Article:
Northeast Europe includes Norway, Denmark, Sweden, Finland, Estonia, Latvia, Lithuania and Belarus. There are four main climates in this part of Europe: Marine climates in Western Norway, Western Sweden and Denmark; subarctic conditions in Northern Norway, Sweden and Finland; tundra at the very top edge of Norway, Sweden and Finland; and humid continental climate pretty much everywhere else (including all of Estonia, Latvia, Lithuania and Belarus).
We've mentioned what many of these climates are like already. But subarctic conditions have long, very cold winters and short, mild summers. In most cases, they have little precipitation, though this isn't a requirement. You can also get mountainous areas at lower latitudes that qualify for subarctic temperatures while being particularly wet. And finally, tundra can be described as cold all year round with very little rainfall. Tundra usually meets the condition for being a cold desert.
Climate is the average or general weather conditions of an area, taken over a long period of time. To know about climate, you have to look over a large area and watch that area over many years. Europe might look small on a map, but it is a huge area of land, encompassing 3.931 million square miles. Since it's such a huge area, it also has lots of climates - at least eight in total.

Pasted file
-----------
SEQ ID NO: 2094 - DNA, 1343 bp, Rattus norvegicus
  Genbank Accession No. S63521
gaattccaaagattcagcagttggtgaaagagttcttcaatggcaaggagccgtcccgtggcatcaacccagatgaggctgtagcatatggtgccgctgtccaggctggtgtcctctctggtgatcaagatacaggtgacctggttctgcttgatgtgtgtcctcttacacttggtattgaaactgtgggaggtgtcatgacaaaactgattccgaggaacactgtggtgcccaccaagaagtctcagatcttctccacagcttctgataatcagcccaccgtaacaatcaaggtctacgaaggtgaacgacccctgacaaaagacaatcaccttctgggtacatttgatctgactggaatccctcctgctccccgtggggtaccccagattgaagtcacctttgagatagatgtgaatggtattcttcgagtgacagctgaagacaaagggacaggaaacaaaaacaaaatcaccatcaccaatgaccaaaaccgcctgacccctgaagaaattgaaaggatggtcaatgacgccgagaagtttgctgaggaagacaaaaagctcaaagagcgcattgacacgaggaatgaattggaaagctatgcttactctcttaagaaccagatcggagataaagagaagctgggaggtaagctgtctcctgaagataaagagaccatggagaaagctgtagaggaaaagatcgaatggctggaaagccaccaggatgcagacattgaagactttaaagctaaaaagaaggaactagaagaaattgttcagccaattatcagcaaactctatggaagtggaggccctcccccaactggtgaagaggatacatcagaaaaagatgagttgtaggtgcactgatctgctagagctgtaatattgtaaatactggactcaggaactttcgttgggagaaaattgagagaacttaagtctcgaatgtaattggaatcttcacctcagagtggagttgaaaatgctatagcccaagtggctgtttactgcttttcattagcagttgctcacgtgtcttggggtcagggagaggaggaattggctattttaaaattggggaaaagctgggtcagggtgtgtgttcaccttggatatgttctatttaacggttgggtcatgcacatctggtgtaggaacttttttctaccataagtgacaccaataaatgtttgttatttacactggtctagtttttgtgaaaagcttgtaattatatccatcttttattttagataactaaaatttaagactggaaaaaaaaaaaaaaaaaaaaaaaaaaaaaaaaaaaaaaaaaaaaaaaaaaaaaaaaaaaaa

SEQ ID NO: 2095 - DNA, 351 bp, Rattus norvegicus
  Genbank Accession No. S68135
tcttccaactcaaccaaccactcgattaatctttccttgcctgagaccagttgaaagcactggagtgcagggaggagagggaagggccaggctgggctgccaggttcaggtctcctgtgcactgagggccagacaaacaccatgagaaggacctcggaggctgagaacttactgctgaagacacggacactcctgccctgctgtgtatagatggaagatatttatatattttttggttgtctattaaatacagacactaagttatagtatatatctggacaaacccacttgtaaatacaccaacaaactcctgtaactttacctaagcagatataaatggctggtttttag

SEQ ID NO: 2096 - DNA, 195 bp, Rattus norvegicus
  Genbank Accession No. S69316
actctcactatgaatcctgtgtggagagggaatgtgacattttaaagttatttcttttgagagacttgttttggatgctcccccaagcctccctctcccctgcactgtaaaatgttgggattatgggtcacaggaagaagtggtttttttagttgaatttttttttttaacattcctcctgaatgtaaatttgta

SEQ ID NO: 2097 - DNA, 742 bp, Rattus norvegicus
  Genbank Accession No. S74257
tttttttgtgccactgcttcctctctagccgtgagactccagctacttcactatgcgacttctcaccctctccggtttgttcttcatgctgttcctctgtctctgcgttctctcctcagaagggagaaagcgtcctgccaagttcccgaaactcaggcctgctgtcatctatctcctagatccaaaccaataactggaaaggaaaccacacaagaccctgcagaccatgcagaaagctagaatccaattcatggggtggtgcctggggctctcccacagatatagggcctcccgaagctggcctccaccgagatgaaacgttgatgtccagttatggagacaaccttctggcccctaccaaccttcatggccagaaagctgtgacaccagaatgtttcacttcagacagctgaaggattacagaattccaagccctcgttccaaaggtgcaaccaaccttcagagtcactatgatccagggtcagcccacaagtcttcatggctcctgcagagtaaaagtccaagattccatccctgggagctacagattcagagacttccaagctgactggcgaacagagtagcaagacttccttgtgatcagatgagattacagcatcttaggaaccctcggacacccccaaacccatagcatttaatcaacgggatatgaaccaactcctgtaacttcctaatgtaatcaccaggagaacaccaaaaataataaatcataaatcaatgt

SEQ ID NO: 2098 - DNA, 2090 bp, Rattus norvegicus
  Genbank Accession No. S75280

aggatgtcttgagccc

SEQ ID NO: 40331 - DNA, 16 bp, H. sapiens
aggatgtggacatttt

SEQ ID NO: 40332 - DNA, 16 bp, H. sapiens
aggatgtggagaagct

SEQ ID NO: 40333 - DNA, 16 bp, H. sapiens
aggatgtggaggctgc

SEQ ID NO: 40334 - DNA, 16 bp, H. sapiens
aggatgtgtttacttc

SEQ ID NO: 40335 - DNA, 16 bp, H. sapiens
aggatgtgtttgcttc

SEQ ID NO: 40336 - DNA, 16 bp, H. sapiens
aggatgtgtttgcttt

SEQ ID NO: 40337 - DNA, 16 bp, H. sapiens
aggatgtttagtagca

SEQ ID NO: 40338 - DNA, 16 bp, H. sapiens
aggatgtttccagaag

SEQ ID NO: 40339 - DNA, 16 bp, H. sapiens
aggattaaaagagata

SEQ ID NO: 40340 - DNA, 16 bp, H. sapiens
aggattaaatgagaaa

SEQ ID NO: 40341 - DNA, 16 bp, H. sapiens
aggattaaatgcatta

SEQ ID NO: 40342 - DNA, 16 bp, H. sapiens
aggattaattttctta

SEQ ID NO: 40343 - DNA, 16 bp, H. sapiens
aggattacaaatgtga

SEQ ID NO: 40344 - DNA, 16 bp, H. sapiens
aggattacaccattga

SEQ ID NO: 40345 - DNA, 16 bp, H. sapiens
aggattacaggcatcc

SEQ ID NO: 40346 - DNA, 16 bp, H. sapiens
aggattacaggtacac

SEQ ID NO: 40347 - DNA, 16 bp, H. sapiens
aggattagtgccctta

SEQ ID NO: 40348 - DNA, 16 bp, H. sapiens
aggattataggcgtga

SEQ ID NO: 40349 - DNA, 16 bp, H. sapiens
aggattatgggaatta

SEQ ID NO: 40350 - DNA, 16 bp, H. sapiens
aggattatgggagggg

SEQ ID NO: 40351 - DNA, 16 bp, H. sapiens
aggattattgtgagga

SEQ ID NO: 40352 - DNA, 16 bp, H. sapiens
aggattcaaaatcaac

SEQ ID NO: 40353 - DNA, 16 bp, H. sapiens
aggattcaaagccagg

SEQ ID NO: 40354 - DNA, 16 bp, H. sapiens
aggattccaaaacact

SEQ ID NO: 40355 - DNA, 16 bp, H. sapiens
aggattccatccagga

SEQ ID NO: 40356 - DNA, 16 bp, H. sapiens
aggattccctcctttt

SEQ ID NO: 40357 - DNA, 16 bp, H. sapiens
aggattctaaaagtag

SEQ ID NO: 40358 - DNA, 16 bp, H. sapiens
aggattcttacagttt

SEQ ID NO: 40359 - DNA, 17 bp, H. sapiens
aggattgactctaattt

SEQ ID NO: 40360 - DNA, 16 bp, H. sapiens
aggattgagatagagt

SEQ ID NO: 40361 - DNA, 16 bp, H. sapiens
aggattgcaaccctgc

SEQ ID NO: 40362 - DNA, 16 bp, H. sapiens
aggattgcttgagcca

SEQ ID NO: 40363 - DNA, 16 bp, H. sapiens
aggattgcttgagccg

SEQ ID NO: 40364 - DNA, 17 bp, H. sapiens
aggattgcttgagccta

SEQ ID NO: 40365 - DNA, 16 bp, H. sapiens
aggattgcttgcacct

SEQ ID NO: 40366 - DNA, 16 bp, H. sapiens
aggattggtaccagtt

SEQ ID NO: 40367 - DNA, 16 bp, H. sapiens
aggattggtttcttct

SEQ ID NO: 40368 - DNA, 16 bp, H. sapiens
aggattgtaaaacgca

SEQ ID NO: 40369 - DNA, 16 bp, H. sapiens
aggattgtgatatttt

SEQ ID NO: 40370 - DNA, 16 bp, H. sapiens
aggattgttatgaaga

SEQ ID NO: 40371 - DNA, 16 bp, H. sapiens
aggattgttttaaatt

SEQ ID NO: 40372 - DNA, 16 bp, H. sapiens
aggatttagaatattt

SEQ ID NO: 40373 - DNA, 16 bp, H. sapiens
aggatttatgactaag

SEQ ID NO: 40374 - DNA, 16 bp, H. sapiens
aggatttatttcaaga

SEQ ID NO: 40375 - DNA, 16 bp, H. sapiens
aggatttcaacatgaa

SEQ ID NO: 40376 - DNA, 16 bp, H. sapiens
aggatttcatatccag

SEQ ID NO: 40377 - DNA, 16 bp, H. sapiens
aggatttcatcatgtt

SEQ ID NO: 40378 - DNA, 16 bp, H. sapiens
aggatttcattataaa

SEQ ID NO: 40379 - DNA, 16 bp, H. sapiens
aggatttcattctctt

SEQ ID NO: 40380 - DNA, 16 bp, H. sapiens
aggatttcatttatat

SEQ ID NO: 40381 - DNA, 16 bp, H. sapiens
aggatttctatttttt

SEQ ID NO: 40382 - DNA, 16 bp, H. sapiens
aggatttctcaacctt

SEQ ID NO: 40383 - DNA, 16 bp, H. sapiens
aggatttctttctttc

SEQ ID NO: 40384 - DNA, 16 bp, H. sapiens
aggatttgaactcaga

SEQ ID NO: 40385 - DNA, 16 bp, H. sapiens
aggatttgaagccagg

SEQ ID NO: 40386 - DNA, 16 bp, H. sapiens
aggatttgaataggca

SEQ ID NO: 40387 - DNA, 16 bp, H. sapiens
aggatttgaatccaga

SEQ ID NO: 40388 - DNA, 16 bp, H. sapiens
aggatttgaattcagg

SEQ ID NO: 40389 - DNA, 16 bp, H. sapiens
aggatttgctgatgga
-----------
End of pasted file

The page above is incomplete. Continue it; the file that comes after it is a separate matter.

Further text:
In Western Europe there are marine climates, Mediterranean climates, semiarid areas, highland and humid subtropical climates. In Southeast Europe, you'll find mostly humid continental, semiarid and Mediterranean climates. In Northeast Europe, there are marine, subarctic, tundra and humid continental climates.
So there you have it: those are the climates of all of Europe, though you'll have to go a lot further than the cafes and bistros of Paris to see them.
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Back To CourseGeography: Middle School
55 chapters | 528 lessons